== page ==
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  • Puckett, Julia A., Sharon G. Horne, Heidi M. Levitt, and Teresa Reeves. “Out in the Country: Rural Sexual Minority Mothers.” Journal of Lesbian Studies 15.2 (2011): 176–186.

    DOI: 10.1080/10894160.2011.521101Save Citation »Export Citation »E-mail Citation »

    In this article, outness, social stigma, and social support are compared between US rural and US urban mothers in same-sex relationships. It is shown that rural mothers are exposed to more discrimination from strangers, and that children in rural areas are less likely to be open to classmates’ parents.

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  • Riggs, Damien. “Lesbian Mothers, Gay Male Sperm Donors and Community: Ensuring the Well-Being of Children and Families.” Health Sociology Review 17.3 (2008): 226–234.

    DOI: 10.5172/hesr.451.17.3.226Save Citation »Export Citation »E-mail Citation »

    When lesbian couples want to become parents, some choose to find a known sperm donor to help them conceive. This article gives the donor’s point of view and is based on interviews with twenty-one Australian men who donated sperm to lesbians. Challenges and negotiations between the donor and recipient are outlined.

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  • Short, Liz. “Lesbian Mother Living Well in the Context of Heterosexism and Discrimination: Resources, Strategies and Legislative Change.” Feminism & Psychology 17.1 (2007): 57–74.

    DOI: 10.1177/0959353507072912Save Citation »Export Citation »E-mail Citation »

    In this large, qualitative study, in-depth interviews were conducted with sixty-eight lesbian mothers and mothers-to-be in Australia. The study calls for pro-lesbian legislative changes. Yet the author shows how the interviewees used different strategies to resist heterosexism and discrimination.

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Welfare Services

A large number of studies concern gay and lesbian families’ contacts and encounters with welfare services and health care. For this section, a list of studies has been compiled that explore welfare services from the perspective of gay and lesbian parenting. When deciding to create a family through adoption or fostering, same-sex couples and single LGBTQ-identified persons (see Introduction) encounter social welfare institutions (e.g., adoption agencies), which play a crucial role in the family-making process. Mallon 2011 outlines a detailed description of this process, focusing particularly on the home study assessment. Several studies depart from the parents’ point of view, exploring their experiences of the adoption process (Ross, et al. 2008; Ross, et al. 2009; Ryan and Whitlock 2007). Positive experiences of encounters with competent professionals are well documented, alongside several studies reporting experiences of discrimination, labeled as “homophobia,” “heterosexism,” or “heteronormativity.” Some studies explore emotional experiences of the adoption process, and a few investigate parents’ negotiation strategies to avoid discrimination (Ryan and Berkowitz 2009). Social support has been shown important to avoid parental stress among gay adoptive fathers (Tornello et al. 2011). In addition to these studies focusing on parents’ experiences, Hicks 2008 examines the perspective of social workers, discussing their experiences of same-sex couples in adoption and fostering. Parenting through adoption has been practiced among gays and lesbians predominantly in parts of the United States and Canada, as reflected in the studies cited below. This section also includes a few studies that explore encounters with social workers in other contexts, such as intimate partner violence (Hardesty, et al. 2011). For studies dealing with medical health care institutions, such as fertility clinics and those dealing with maternity care, see Health-Care Services.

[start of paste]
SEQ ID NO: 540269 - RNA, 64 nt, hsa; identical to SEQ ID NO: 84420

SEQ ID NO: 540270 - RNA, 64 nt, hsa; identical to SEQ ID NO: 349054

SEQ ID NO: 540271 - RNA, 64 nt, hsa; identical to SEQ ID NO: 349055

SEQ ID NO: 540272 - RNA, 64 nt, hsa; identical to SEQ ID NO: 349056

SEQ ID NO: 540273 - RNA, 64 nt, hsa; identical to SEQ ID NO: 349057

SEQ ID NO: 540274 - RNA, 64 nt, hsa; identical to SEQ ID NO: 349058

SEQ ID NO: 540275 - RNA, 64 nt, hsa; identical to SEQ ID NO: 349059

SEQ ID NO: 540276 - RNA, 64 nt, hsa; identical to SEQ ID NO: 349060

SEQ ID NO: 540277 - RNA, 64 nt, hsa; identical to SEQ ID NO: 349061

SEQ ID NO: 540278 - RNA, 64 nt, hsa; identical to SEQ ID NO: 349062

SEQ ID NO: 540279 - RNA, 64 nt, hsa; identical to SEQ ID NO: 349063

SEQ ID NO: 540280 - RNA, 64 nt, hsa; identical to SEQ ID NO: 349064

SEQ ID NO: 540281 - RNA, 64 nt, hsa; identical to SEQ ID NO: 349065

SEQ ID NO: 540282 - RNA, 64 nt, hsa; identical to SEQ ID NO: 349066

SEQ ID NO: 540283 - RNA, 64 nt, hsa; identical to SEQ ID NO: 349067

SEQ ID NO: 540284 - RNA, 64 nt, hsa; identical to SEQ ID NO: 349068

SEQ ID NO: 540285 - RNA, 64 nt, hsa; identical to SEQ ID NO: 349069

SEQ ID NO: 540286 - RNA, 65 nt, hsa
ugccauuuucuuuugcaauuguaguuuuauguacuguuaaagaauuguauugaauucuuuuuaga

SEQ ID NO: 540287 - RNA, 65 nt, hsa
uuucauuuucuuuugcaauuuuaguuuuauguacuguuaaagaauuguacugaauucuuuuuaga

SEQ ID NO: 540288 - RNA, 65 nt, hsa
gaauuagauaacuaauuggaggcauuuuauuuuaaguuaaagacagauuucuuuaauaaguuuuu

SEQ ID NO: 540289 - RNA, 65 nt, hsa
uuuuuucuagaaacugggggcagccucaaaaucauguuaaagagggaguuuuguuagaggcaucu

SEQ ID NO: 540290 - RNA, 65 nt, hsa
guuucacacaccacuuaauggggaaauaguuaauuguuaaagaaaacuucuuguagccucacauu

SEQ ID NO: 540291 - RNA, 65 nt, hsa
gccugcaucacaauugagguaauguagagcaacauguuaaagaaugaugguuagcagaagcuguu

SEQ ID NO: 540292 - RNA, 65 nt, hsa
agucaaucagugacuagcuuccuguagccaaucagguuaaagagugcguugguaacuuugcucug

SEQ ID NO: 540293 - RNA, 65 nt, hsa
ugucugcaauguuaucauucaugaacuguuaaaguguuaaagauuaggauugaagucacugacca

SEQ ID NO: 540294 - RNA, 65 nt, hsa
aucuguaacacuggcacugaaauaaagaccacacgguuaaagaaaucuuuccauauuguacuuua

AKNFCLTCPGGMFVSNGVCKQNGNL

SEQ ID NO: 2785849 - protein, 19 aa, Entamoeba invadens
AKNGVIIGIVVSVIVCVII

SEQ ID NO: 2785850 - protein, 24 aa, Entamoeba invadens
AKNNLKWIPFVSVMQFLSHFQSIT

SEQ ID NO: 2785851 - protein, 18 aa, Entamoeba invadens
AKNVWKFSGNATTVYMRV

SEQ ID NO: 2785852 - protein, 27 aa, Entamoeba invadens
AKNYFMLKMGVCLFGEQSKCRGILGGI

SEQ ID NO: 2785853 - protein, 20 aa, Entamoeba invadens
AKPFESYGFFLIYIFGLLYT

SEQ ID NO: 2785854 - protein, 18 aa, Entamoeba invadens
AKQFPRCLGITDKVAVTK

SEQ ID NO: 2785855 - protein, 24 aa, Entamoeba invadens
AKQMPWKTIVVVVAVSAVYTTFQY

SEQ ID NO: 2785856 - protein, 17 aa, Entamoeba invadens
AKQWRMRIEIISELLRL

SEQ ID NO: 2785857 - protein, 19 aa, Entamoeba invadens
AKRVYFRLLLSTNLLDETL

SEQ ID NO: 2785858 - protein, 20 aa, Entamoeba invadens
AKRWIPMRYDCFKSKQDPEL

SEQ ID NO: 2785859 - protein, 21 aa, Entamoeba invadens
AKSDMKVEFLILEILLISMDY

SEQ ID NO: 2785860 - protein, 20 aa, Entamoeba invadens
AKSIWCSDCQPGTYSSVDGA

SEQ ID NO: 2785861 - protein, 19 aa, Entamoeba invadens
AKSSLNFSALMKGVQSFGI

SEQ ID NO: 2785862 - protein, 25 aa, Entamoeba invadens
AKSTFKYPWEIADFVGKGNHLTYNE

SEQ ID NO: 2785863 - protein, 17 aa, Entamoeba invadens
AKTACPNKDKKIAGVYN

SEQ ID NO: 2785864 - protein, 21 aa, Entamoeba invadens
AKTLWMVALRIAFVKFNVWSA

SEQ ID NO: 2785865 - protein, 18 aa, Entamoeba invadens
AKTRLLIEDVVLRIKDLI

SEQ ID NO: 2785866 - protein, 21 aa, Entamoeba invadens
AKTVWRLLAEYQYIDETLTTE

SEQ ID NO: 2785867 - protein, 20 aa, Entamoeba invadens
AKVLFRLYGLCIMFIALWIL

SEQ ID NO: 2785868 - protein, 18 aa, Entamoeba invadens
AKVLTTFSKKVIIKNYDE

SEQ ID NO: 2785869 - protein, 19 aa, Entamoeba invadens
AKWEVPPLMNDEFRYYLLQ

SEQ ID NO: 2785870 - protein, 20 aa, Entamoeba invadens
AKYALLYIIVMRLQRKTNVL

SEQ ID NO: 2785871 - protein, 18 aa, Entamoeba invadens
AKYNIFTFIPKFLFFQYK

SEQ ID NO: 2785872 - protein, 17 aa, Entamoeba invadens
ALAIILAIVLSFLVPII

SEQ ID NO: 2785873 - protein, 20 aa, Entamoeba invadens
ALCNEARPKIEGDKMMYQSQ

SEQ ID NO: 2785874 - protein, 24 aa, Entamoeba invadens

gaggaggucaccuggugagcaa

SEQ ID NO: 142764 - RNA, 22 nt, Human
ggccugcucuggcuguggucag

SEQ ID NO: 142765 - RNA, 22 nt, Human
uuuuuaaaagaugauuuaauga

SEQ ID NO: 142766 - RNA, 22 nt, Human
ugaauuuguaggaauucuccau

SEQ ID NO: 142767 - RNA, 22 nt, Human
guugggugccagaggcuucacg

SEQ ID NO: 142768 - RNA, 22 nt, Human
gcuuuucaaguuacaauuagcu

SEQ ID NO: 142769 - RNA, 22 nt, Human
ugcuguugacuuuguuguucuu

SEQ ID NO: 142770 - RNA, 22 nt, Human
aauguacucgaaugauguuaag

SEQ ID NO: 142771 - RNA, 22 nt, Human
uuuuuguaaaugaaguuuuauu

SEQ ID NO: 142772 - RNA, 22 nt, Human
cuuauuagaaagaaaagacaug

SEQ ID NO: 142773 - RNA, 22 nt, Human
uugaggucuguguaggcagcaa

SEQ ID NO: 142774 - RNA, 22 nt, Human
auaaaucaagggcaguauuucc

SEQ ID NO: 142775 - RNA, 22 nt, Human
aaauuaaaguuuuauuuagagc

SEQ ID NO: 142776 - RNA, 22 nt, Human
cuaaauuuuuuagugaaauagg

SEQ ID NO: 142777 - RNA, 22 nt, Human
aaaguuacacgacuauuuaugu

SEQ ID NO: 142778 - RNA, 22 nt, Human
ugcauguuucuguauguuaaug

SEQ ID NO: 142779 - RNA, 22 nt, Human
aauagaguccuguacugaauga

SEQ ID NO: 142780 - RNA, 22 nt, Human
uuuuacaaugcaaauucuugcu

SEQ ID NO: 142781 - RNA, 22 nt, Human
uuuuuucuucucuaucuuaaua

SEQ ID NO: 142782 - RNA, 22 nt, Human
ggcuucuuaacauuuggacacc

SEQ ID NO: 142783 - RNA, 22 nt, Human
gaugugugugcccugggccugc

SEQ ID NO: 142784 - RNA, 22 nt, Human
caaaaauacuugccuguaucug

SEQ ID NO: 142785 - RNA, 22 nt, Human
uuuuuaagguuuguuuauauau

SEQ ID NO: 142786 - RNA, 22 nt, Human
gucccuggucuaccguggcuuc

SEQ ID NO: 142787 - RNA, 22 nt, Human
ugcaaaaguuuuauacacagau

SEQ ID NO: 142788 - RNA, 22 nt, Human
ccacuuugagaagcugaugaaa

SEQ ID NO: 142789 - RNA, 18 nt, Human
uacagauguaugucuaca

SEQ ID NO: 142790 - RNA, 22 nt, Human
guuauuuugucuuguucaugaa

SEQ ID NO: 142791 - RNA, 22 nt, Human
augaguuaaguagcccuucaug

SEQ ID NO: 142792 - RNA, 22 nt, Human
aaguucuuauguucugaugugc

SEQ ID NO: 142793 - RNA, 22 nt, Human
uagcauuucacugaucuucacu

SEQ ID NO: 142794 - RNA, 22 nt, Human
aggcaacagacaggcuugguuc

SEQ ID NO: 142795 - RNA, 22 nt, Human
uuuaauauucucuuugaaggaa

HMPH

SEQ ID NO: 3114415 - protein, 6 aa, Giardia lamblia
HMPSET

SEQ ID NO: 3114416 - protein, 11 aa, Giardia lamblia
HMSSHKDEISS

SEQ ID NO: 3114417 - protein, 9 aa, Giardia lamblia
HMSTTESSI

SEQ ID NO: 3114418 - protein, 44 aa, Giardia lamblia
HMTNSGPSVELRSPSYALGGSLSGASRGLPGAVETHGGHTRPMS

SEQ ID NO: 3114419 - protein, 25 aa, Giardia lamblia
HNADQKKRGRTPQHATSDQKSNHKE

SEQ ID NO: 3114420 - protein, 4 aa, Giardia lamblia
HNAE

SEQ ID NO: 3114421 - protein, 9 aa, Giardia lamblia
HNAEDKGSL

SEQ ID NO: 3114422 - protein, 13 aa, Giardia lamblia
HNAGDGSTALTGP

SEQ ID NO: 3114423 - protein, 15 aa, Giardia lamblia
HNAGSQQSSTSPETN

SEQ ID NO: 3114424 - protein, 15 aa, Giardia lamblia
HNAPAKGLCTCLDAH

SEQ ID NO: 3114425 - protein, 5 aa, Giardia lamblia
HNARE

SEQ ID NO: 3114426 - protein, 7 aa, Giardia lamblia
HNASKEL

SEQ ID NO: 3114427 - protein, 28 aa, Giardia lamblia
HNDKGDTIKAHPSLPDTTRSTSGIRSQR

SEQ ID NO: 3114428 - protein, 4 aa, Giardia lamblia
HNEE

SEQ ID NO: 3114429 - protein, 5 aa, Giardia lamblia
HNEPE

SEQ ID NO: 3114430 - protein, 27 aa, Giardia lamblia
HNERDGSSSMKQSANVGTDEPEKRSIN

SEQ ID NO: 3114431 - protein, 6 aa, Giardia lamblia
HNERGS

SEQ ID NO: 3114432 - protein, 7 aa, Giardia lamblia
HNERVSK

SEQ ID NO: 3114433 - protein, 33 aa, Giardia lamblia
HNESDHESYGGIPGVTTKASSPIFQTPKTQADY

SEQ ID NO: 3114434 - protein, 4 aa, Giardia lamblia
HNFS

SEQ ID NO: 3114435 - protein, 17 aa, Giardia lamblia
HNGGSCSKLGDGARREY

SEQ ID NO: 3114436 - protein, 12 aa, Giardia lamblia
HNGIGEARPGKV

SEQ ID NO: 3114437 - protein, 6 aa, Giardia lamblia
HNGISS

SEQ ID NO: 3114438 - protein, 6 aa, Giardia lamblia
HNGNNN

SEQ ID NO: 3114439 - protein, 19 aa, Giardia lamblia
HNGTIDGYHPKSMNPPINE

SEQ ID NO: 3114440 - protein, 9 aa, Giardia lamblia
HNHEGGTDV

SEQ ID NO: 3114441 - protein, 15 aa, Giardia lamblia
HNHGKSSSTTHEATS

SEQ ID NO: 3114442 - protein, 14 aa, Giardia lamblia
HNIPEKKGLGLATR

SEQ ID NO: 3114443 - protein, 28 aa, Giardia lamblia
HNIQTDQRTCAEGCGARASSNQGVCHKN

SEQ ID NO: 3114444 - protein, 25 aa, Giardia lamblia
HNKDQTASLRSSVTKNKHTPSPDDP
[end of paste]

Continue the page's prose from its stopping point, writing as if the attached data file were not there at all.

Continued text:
• Hardesty, Jennifer L., Ramona F. Oswald, Lyndal Khaw, and Carol Fonseca. “Lesbian/Bisexual Mothers and Intimate Partner Violence: Help Seeking in the Context of Social and Legal Vulnerability.” Violence Against Women 17.1 (2011): 28–46.

    DOI: 10.1177/1077801209347636Save Citation »Export Citation »E-mail Citation »

    This article draws on findings from the first study ever to examine experiences of exposure to intimate partner violence among lesbian mothers. The article reports on when these mothers define a situation as intolerable, and it describes their help-seeking patterns.

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  • Hicks, Stephen. “Gender Role Models . . . Who Need ’Em?” Qualitative Social Work 7.1 (2008): 43–59.

    DOI: 10.1177/1473325007086415Save Citation »Export Citation »E-mail Citation »

    This article deals with social workers’ perception of children’s need for gender role models. When lesbian and gay couples apply for adoption or fostering, the absence of one sex in their relationship may be put forward as an obstacle.